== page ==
Food and beverages marketed to children is a $23 billion business. According to “The Kid Food and Beverage Market in the U.S.,” 7th edition report, food manufacturers target kids in seven specific categories: dairy products, snacks, frozen foods, beverages, cereal, shelf stable meals and produce. Taste is crucial, but so is nutrition, and believe it or not, entertainment. Hence cartoon figures and high-profile athletes and celebs are often part of kid-targeted food campaigns. Growth of kids’ foods is pacing faster than all other sectors, according to certain tracking indices. Food manufacturers consider 9-year-olds pretty established in their lifelong dietary habits and preferences, something that I am keenly aware of as a health professional and nutritionist. By the time a child is 9 years old, his palate can be corrupted for life. An apple just won’t measure up to a bag of cheese puffs…ever!
So when I attend a food and products show like Natural Products Expo West, I am especially interested in finding foods with simple ingredient lists, few if any additives, good taste, affordability and nationwide accessibility. Most American families concerned with the obesity epidemic and its associated high rates of diabetes, hypertension and cholesterol levels, should be trying to eat simple nutritious foods that are less processed. Unfortunately reality demands quick food decisions, eating on the run and emphasizing convenience. I’d love to see home cooking as an integral part of American life – but I am forced to recognize that consumers want quick food answers. So I plan on scouting out “the best choices” from a variety of product sectors, including cereals, baked goods, snacks and treats, soups, easy-to-prepare entrees and side dishes, nutrition bars, and nut butters, to name a few.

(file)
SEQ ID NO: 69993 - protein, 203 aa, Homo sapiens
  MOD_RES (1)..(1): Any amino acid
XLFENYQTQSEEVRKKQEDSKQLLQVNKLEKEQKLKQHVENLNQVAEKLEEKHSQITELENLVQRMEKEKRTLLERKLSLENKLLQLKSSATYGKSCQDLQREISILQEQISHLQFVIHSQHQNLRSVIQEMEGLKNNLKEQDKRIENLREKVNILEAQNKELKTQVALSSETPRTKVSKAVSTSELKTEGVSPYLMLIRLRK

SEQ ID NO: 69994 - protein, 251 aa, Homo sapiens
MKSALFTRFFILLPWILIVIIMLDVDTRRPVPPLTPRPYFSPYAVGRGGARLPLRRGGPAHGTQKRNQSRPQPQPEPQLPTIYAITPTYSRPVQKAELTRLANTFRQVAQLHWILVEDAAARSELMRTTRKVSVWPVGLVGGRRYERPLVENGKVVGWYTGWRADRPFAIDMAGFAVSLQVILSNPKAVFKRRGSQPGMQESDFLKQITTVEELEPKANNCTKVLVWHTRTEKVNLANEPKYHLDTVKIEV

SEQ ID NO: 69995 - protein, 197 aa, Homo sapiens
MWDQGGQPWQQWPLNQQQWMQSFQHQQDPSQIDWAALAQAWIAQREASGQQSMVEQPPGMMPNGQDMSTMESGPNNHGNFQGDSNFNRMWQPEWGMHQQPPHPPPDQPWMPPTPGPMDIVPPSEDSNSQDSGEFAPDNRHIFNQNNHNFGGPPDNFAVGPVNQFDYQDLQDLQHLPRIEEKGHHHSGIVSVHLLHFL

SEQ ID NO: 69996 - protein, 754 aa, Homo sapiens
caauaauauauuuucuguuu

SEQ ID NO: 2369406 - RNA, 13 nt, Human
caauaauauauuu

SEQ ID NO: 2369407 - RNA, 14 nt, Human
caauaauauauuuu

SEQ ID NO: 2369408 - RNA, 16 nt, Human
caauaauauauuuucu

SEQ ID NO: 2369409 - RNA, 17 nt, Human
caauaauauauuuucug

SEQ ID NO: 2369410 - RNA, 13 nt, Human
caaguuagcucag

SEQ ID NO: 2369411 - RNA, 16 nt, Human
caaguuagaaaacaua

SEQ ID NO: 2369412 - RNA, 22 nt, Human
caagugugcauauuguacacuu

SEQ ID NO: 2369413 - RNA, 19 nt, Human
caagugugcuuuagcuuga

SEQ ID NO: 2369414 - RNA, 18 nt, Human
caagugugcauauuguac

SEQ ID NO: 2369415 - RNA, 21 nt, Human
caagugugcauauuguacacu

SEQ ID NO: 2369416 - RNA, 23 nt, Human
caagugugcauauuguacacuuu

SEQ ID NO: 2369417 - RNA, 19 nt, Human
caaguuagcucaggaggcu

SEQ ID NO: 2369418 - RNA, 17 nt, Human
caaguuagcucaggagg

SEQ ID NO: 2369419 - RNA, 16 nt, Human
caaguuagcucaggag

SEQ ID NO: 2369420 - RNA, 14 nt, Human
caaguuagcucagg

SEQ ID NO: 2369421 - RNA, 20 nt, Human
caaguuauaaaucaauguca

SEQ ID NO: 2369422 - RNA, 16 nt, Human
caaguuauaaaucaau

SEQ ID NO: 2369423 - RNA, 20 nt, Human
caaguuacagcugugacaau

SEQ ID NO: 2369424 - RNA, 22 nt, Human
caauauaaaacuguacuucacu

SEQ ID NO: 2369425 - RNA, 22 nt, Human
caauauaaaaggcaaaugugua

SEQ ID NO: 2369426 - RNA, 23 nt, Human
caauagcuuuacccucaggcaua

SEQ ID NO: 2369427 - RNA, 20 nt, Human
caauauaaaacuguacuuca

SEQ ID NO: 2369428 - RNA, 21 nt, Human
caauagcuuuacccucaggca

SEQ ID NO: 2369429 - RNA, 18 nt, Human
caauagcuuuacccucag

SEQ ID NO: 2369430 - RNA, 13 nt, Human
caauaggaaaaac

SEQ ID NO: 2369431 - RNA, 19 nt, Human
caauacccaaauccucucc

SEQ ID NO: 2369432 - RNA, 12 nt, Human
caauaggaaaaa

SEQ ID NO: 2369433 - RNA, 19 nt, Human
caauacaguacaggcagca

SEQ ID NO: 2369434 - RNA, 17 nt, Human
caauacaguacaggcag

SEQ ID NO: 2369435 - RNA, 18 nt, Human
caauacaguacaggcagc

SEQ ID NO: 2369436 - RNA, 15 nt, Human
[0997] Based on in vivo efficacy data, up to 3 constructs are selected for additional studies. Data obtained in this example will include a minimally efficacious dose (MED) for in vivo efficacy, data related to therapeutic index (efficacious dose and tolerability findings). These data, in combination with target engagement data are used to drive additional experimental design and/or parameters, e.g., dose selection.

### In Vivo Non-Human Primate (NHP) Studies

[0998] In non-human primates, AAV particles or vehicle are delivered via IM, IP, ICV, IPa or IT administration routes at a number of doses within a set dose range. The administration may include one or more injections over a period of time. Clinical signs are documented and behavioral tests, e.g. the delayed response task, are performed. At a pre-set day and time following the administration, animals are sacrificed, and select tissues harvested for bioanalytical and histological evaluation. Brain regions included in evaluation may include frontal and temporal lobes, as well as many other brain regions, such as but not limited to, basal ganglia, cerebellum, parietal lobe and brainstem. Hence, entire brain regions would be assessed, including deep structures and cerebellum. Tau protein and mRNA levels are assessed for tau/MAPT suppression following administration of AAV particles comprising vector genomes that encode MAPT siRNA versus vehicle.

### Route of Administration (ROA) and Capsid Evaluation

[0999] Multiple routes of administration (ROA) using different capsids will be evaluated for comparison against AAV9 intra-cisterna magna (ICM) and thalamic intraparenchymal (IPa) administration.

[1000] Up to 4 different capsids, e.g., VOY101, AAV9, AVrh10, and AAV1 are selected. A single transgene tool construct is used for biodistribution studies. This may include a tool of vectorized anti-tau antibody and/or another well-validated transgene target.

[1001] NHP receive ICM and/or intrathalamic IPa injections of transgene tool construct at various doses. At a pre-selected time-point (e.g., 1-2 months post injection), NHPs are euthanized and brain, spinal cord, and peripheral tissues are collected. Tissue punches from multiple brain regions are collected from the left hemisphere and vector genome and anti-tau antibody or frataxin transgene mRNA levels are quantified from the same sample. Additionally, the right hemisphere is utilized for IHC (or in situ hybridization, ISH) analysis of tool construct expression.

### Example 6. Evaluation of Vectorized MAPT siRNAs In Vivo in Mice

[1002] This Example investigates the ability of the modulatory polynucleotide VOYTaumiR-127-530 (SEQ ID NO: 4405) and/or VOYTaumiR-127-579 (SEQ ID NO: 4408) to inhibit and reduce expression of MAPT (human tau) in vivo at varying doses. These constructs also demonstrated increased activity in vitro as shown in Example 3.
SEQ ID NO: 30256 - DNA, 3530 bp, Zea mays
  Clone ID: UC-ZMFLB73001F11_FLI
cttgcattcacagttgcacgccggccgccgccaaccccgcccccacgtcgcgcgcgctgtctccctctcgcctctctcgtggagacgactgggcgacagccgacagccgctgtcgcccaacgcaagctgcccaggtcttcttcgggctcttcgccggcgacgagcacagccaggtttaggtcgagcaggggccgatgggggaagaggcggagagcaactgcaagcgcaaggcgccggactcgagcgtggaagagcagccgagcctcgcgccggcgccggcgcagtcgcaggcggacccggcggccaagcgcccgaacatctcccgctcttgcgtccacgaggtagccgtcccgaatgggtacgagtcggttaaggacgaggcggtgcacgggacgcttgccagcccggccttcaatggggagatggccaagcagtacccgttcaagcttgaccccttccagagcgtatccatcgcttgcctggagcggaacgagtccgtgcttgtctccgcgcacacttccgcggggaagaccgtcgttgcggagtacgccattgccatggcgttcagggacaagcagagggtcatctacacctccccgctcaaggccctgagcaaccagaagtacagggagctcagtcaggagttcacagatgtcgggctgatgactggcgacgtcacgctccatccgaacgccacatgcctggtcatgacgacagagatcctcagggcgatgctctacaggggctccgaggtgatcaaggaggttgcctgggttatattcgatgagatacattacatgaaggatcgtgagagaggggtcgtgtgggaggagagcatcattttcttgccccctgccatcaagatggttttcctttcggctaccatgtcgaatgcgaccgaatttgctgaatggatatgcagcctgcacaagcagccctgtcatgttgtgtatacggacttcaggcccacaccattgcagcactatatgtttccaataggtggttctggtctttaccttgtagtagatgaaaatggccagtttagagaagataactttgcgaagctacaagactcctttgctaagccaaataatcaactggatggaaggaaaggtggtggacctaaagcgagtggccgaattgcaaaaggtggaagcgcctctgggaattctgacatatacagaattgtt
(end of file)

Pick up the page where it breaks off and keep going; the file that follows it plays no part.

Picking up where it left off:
I also plan to check out seasonings and taste enhancements since boosting flavor is crucial to reducing sugar and fat in recipes. Adults and kids are still drinking too many “fluid calories” and so zero-calorie flavored waters and teas are also on my priority list. Nutrition bars have become an integral part of the American diet, so I am always ready to hear about new formulations and reformulations, new tastes and the research behind the specific protein/fat/carbohydrate formularies.
I’d be lying if I said I don’t enjoy all the taste-testing that goes on at the event….heck, I wait for this all year. But as someone who covers diet and fitness, and as a health coach, this event is invaluable in helping me to track the trends being set by manufacturers in response to their perception of what consumers want. The question is – are the products healthy, wholesome and nutritious, and do the labels reflect an overall effort to provide healthier, nutritious foods with true label transparency?